By E. Faye Williams
When the Federal Communications Commission repealed President Obama’s net neutrality rules last year, it launched a movement.
Around the country, there is a rising tide calling for permanent new rules to keep the internet open and free. No company should be permitted to interfere with our internet experience by blocking or prioritizing traffic or discriminating against anyone’s ability to participate online. In a digital world, net neutrality is a civil rights imperative – the only way to be sure that all citizens have a full and equal chance to be heard in the new public square.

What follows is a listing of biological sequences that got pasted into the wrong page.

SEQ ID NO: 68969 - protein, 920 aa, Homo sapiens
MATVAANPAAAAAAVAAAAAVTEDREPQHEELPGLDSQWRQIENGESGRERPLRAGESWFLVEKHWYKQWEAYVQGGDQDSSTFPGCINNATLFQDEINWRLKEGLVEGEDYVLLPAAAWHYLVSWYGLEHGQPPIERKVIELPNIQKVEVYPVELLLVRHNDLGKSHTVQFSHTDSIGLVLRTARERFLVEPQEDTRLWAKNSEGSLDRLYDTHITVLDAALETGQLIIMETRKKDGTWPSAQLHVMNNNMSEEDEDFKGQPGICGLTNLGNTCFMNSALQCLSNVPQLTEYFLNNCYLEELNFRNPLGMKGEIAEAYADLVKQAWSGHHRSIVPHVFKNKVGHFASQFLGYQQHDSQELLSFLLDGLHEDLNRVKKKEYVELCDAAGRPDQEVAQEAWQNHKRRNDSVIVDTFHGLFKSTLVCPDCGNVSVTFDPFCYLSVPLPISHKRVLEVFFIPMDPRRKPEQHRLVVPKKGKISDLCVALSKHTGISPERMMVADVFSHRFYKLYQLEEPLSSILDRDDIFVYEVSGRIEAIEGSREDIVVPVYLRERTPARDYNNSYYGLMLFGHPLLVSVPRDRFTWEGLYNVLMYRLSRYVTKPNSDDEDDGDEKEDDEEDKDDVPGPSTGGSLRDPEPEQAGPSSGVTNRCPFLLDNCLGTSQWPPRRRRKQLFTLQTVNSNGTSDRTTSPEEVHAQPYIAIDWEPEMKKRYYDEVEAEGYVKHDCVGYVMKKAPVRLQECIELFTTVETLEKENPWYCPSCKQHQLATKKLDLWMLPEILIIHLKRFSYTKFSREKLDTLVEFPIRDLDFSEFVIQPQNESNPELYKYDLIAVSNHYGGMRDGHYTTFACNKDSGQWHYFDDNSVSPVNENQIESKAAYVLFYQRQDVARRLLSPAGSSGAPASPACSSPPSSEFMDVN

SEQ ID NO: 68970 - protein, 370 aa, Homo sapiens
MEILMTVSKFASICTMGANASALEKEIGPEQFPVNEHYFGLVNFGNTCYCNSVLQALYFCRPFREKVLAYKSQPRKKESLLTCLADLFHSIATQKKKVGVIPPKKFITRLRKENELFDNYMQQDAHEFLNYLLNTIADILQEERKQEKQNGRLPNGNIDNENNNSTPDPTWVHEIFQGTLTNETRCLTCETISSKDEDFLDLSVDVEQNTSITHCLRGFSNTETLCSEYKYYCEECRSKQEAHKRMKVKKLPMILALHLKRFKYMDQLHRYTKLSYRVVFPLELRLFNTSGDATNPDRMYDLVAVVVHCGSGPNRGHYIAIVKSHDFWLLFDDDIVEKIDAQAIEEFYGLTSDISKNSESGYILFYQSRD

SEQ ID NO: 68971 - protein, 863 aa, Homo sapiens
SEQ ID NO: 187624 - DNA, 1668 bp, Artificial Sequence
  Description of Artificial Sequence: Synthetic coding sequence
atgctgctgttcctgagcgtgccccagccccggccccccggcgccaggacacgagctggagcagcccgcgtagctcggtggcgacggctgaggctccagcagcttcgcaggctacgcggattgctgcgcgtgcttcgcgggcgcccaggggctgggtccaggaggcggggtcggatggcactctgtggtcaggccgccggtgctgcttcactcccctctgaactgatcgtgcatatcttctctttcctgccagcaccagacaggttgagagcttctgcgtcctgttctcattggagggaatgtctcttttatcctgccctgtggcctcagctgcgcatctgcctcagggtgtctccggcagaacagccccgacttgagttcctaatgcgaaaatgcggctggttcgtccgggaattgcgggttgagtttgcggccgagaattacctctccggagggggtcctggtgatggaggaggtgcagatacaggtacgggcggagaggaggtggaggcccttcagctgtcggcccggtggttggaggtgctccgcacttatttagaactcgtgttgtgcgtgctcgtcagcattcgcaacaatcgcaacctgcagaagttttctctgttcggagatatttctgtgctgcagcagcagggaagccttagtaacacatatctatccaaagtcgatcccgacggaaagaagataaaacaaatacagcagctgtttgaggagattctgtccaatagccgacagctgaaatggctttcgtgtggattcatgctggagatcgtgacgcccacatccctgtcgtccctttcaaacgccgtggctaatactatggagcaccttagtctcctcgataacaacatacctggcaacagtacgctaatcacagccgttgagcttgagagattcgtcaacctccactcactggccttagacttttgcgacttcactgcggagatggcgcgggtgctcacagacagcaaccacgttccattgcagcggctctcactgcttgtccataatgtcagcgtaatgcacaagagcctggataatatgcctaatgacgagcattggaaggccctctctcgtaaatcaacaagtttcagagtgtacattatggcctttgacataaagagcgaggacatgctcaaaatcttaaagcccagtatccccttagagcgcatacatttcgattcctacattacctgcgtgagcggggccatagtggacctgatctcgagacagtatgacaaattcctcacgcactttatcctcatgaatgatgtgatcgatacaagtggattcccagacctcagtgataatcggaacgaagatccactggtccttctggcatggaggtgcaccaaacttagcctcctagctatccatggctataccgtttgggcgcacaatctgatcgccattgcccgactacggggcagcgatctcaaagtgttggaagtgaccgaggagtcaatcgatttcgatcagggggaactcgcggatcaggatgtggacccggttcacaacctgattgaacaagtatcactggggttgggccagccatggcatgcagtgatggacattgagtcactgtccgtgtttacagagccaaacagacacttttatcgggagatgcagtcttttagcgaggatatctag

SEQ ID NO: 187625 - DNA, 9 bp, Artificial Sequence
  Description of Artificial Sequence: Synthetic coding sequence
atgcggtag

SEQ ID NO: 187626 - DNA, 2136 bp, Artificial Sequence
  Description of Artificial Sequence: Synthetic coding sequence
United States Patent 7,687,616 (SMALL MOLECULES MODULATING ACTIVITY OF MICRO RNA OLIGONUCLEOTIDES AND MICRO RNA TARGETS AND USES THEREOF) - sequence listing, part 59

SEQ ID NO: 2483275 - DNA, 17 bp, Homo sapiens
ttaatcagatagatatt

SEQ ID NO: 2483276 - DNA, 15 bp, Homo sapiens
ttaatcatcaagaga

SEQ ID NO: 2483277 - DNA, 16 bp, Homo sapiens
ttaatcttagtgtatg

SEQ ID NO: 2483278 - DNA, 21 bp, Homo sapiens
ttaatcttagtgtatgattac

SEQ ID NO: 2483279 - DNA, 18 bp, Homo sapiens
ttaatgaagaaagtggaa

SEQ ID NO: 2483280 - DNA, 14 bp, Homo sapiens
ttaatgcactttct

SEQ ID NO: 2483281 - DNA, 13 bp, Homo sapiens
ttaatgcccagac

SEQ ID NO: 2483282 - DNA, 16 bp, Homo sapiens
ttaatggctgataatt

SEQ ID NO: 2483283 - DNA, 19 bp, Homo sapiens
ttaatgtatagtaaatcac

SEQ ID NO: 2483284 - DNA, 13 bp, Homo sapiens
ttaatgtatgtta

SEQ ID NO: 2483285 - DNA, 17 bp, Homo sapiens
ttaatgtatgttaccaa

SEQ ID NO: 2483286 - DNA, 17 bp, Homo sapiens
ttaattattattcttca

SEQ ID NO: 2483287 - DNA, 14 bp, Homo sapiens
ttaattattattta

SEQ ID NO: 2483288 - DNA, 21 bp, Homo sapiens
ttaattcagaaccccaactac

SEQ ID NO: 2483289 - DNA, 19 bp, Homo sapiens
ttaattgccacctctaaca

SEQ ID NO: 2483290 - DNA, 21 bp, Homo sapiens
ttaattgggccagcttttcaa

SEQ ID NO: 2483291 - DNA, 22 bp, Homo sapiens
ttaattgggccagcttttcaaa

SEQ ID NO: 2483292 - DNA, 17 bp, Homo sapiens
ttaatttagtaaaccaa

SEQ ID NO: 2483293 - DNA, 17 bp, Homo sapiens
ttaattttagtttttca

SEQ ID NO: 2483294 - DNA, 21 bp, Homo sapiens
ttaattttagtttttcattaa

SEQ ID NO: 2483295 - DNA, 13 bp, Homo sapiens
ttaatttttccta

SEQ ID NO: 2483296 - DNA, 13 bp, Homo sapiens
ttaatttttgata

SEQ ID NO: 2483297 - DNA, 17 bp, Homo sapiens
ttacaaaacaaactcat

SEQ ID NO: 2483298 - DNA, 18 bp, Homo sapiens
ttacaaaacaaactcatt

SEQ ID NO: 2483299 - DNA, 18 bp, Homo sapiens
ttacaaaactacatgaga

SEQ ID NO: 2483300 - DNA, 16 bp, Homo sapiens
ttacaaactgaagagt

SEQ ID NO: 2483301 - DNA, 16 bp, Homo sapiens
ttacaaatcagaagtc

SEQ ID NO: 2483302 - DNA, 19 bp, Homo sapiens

Like any effective movement for change, if we don’t get the strategy right we won’t end up where we need to go.
That means fighting for strong, permanent net neutrality that will protect everyone online – not temporary half measures or, even worse, inconsistent or incomplete rules that cover some people or states but not others.
That is why local and state based efforts to pass narrow net neutrality for one city or one state are a mistake. While efforts to channel grassroots energy for net neutrality into local rules like the current legislative push in Olympia or the effort by a handful of mayors around the country to move locally on the issue are well-intentioned, in the end they cannot provide the lasting, enforceable protection for digital participation and equality we need.